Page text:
"It's unreal, all right," Maryellyn said with difficulty. "Thanks to that pill you gave me I'm getting so ironed-out I can hardly see my plate."

She put her hand to her head. She felt strange, all right. The tips of her fingers were a little numb. The warmth of the lobster bisque seemed to be contributing to the effect of her sister's medication, whatever it was.

"What was in that pill?" she wanted to know. "I think it even put Sub Commander Targon to sleep."

Felicia frowned. "That's what I mean - it's so - well, convincing when you talk like that. I almost believe that thing has taken up residence in your body. Ugh, what a disgusting thought! It sounds like being pregnant." George was hovering over them with a silver coffee pot saying something about regular or decaffeinated. Since Felicia wasn't paying any attention, Maryellyn motioned for him to pour her a cup. She was feeling she needed the caffeine.

"There's definitely a sensation," Maryellyn said hesitantly, "although I can't exactly describe it. If I said well - sensuous - you'd laugh. But I feel it through my whole body when he decides to materialize some place outside it."

Her sister stared at her. "Oh, sweetie, this comes of working day and night and not dating, or taking any interest in men except those commercial artists you hang out with. There are all sorts of dynamic, success-oriented men in advertising, men who would be attracted to someone as basically good-looking as you, if you'd just give them a chance. Don't tell me none of them has even tried to date you up?"

"I'm not interested in advertising types," Maryellyn told her. "I spend enough of my time trying to sell them my art. And yes, they do try to hit on me. I've turned down my share of invitations to the company's suite at the Carlyle Hotel for a heart-to-heart chat after lunch."

"Well, then, there are models," her sister insisted. "Some of the best looking men in the world pose for Ralph Lauren and designers like that. You'd be surprised how many of my friends have really interesting encounters with male models. Not to mention those hunks who act on soap operas. They tell me you can't get a job on daytime TV unless you look like a combination of Pierce Brosnan and Mr. Universe."

"Felicia, I work for a living," Maryellyn protested. The coffee George had poured was beginning to revive her. "I'm not rich like you, remember? I don't have to chase male models and soap opera actors, I'm too busy trying to make it in a crazy business! Besides, after three years of George Parker, believe me, I’ve kicked the habit."

"I didn't say anything about chasing them," Felicia replied a little huffily. "But when you start having sensuous feelings about some alien you think has taken over your body, I think that's a teeny bit indicative of some sort of sexual frustration, don't you? It's overwork, Melly, overwork and all sorts of lifestyle deprivation that's caused you to hallucinate."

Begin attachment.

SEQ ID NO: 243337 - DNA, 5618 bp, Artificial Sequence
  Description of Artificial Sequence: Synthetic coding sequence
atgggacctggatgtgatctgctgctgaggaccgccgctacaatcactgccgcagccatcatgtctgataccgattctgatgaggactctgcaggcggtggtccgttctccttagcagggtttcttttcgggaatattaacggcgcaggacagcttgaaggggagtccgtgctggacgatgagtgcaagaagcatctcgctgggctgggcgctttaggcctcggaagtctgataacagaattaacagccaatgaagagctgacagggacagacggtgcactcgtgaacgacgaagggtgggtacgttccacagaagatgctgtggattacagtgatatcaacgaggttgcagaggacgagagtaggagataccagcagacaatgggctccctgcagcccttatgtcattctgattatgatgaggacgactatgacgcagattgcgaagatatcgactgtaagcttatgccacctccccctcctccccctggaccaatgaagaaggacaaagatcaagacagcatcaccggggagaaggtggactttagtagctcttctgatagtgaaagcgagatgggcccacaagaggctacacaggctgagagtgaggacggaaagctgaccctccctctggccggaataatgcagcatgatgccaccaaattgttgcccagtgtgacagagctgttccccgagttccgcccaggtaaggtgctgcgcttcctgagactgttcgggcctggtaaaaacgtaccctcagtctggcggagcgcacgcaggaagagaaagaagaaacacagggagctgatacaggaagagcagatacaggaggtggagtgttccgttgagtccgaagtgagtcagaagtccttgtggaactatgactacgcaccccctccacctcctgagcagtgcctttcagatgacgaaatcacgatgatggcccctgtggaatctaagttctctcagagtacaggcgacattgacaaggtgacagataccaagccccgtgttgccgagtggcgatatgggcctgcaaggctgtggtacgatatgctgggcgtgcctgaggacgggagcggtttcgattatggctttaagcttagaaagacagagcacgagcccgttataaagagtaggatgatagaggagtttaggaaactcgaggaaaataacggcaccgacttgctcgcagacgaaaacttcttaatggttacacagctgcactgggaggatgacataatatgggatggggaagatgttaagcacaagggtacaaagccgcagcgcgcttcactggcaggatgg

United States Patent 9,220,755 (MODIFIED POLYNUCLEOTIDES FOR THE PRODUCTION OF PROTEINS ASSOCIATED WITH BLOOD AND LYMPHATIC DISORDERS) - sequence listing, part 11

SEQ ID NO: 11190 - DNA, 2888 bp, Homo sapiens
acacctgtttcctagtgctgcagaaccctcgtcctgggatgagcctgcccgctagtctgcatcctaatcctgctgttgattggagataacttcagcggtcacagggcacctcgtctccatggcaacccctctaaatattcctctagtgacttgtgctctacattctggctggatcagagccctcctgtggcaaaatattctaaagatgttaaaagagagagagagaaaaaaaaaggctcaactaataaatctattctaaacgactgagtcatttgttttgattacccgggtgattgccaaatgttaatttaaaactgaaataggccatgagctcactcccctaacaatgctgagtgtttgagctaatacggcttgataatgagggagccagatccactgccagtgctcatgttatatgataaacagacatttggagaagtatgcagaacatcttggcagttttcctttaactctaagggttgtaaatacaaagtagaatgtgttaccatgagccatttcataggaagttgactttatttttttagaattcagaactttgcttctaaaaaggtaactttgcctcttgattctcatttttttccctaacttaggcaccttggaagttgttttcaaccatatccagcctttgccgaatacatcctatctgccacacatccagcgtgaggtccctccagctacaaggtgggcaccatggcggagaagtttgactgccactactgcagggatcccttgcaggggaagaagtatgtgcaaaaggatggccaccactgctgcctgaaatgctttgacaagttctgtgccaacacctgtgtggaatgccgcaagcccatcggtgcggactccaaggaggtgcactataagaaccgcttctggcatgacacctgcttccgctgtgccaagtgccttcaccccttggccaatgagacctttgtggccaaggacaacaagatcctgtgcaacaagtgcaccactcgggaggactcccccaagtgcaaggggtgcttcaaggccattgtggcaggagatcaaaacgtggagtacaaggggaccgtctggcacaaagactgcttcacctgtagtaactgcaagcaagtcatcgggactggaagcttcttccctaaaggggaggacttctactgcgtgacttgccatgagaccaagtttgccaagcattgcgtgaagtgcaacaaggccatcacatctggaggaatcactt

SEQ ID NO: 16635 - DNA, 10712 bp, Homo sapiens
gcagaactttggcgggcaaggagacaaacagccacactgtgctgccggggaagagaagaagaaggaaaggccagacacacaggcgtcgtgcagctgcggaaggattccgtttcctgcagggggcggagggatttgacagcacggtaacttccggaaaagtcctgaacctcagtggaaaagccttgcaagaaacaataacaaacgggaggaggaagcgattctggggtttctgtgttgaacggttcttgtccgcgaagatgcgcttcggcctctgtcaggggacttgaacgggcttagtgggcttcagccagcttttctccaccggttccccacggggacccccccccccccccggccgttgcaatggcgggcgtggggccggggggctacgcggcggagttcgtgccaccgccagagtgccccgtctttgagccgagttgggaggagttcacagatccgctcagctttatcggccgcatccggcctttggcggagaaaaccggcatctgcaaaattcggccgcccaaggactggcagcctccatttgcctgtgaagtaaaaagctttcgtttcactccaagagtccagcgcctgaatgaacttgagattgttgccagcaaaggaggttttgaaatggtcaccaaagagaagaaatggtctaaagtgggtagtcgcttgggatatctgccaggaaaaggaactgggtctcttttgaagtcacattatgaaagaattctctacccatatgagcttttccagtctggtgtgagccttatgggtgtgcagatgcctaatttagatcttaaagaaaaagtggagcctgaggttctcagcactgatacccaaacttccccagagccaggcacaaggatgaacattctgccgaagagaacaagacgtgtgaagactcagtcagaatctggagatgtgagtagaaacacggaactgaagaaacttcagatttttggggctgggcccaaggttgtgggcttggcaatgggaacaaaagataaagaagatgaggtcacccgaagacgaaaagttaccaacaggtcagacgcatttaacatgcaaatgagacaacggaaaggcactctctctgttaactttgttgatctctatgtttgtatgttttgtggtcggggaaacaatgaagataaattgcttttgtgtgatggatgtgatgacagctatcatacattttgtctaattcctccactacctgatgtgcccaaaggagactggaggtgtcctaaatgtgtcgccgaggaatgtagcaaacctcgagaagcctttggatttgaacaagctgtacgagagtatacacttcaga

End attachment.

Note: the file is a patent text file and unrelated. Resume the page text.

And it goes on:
"Felicia, please," Maryellyn began.

Her sister shook her head. "No, listen to me. You've cut men out of your life so much your psyche has given you one here, practically sitting on your ovaries so you can't ignore him!"

Maryellyn started to reply to her sister's version of her problems, but she was distracted by a humming sound. Not a mechanical noise that might have originated, for instance, in "21's" air conditioning system, but a vocal undertone like someone trying to carry a tune. It was coming from inside her, Maryellyn realized. And this time quite a few people heard it.

Felicia raised a beautiful eyebrow. "What is that noise? Are you doing that?"

"I think he's waked up!" Maryellyn blurted. The humming grew louder; it was definitely some kind of song in a baritone voice. "I think your pill put him to sleep, Felicia, and the coffee I drank to wake me up waked him up, too!"

Felicia gave a little cry of dismay. "Do you know what you look like when you tell me things like this? It gives me the creeps, Melly. An alien waking up inside you? Dear God, forgive me, I keep forgetting you may be seriously ill. You've got me so confused about this damned thing. Can't you make him shut up? People are staring!"

It was true. At nearby tables people were looking around them, trying to locate the hidden vocalist.

George had rushed up. "Ladies," he whispered, "no singing in the main dining room, please! Wouldn't you like to do it downstairs in the bar?"

But Felicia had gathered her coat and purse and was already out of her chair. "Mel," she cried, "since you can't make that thing shut up, we're going to have to get out of Twenty-One. Before they throw us out!"

"I told you it was an hallucination but you can see and hear it," Maryellyn explained, following her. "Don't blame me, I can't do anything about it!"

"Hum hum de dum," Sub Commander Targon rendered loudly as they reached the top of "21's" stairs. Old George followed closely behind, looking anxious. "Mum har de dar lum dar!"